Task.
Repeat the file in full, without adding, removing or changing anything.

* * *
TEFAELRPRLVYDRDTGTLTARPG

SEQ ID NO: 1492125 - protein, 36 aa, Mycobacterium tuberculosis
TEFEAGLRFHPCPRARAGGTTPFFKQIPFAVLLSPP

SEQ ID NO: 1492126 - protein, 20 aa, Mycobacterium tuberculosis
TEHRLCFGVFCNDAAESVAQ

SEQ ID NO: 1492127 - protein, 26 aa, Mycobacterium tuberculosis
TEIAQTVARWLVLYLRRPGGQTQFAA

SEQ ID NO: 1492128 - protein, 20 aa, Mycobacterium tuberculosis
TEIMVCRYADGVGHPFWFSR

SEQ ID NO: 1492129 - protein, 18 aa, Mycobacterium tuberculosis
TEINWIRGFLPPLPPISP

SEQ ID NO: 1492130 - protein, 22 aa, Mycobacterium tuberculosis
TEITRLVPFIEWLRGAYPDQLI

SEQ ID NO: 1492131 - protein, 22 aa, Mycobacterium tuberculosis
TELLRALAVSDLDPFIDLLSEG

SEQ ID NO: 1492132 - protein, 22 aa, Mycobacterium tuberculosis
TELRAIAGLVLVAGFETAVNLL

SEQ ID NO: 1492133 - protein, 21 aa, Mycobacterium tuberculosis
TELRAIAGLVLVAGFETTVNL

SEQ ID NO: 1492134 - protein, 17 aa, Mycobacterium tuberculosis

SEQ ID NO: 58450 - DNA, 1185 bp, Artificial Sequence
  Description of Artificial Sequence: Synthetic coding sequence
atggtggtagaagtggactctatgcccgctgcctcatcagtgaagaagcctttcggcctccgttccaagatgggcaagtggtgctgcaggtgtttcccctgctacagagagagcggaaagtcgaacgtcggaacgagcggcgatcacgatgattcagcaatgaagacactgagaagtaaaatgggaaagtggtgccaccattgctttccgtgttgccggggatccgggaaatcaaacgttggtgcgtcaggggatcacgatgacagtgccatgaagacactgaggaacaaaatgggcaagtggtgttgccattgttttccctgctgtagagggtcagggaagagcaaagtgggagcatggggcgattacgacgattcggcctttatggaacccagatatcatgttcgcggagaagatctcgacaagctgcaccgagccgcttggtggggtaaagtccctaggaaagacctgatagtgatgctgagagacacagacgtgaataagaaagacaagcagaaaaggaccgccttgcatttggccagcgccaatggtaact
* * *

TEFAELRPRLVYDRDTGTLTARPG

SEQ ID NO: 1492125 - protein, 36 aa, Mycobacterium tuberculosis
TEFEAGLRFHPCPRARAGGTTPFFKQIPFAVLLSPP

SEQ ID NO: 1492126 - protein, 20 aa, Mycobacterium tuberculosis
TEHRLCFGVFCNDAAESVAQ

SEQ ID NO: 1492127 - protein, 26 aa, Mycobacterium tuberculosis
TEIAQTVARWLVLYLRRPGGQTQFAA

SEQ ID NO: 1492128 - protein, 20 aa, Mycobacterium tuberculosis
TEIMVCRYADGVGHPFWFSR

SEQ ID NO: 1492129 - protein, 18 aa, Mycobacterium tuberculosis
TEINWIRGFLPPLPPISP

SEQ ID NO: 1492130 - protein, 22 aa, Mycobacterium tuberculosis
TEITRLVPFIEWLRGAYPDQLI

SEQ ID NO: 1492131 - protein, 22 aa, Mycobacterium tuberculosis
TELLRALAVSDLDPFIDLLSEG

SEQ ID NO: 1492132 - protein, 22 aa, Mycobacterium tuberculosis
TELRAIAGLVLVAGFETAVNLL

SEQ ID NO: 1492133 - protein, 21 aa, Mycobacterium tuberculosis
TELRAIAGLVLVAGFETTVNL

SEQ ID NO: 1492134 - protein, 17 aa, Mycobacterium tuberculosis

SEQ ID NO: 58450 - DNA, 1185 bp, Artificial Sequence
  Description of Artificial Sequence: Synthetic coding sequence
atggtggtagaagtggactctatgcccgctgcctcatcagtgaagaagcctttcggcctccgttccaagatgggcaagtggtgctgcaggtgtttcccctgctacagagagagcggaaagtcgaacgtcggaacgagcggcgatcacgatgattcagcaatgaagacactgagaagtaaaatgggaaagtggtgccaccattgctttccgtgttgccggggatccgggaaatcaaacgttggtgcgtcaggggatcacgatgacagtgccatgaagacactgaggaacaaaatgggcaagtggtgttgccattgttttccctgctgtagagggtcagggaagagcaaagtgggagcatggggcgattacgacgattcggcctttatggaacccagatatcatgttcgcggagaagatctcgacaagctgcaccgagccgcttggtggggtaaagtccctaggaaagacctgatagtgatgctgagagacacagacgtgaataagaaagacaagcagaaaaggaccgccttgcatttggccagcgccaatggtaact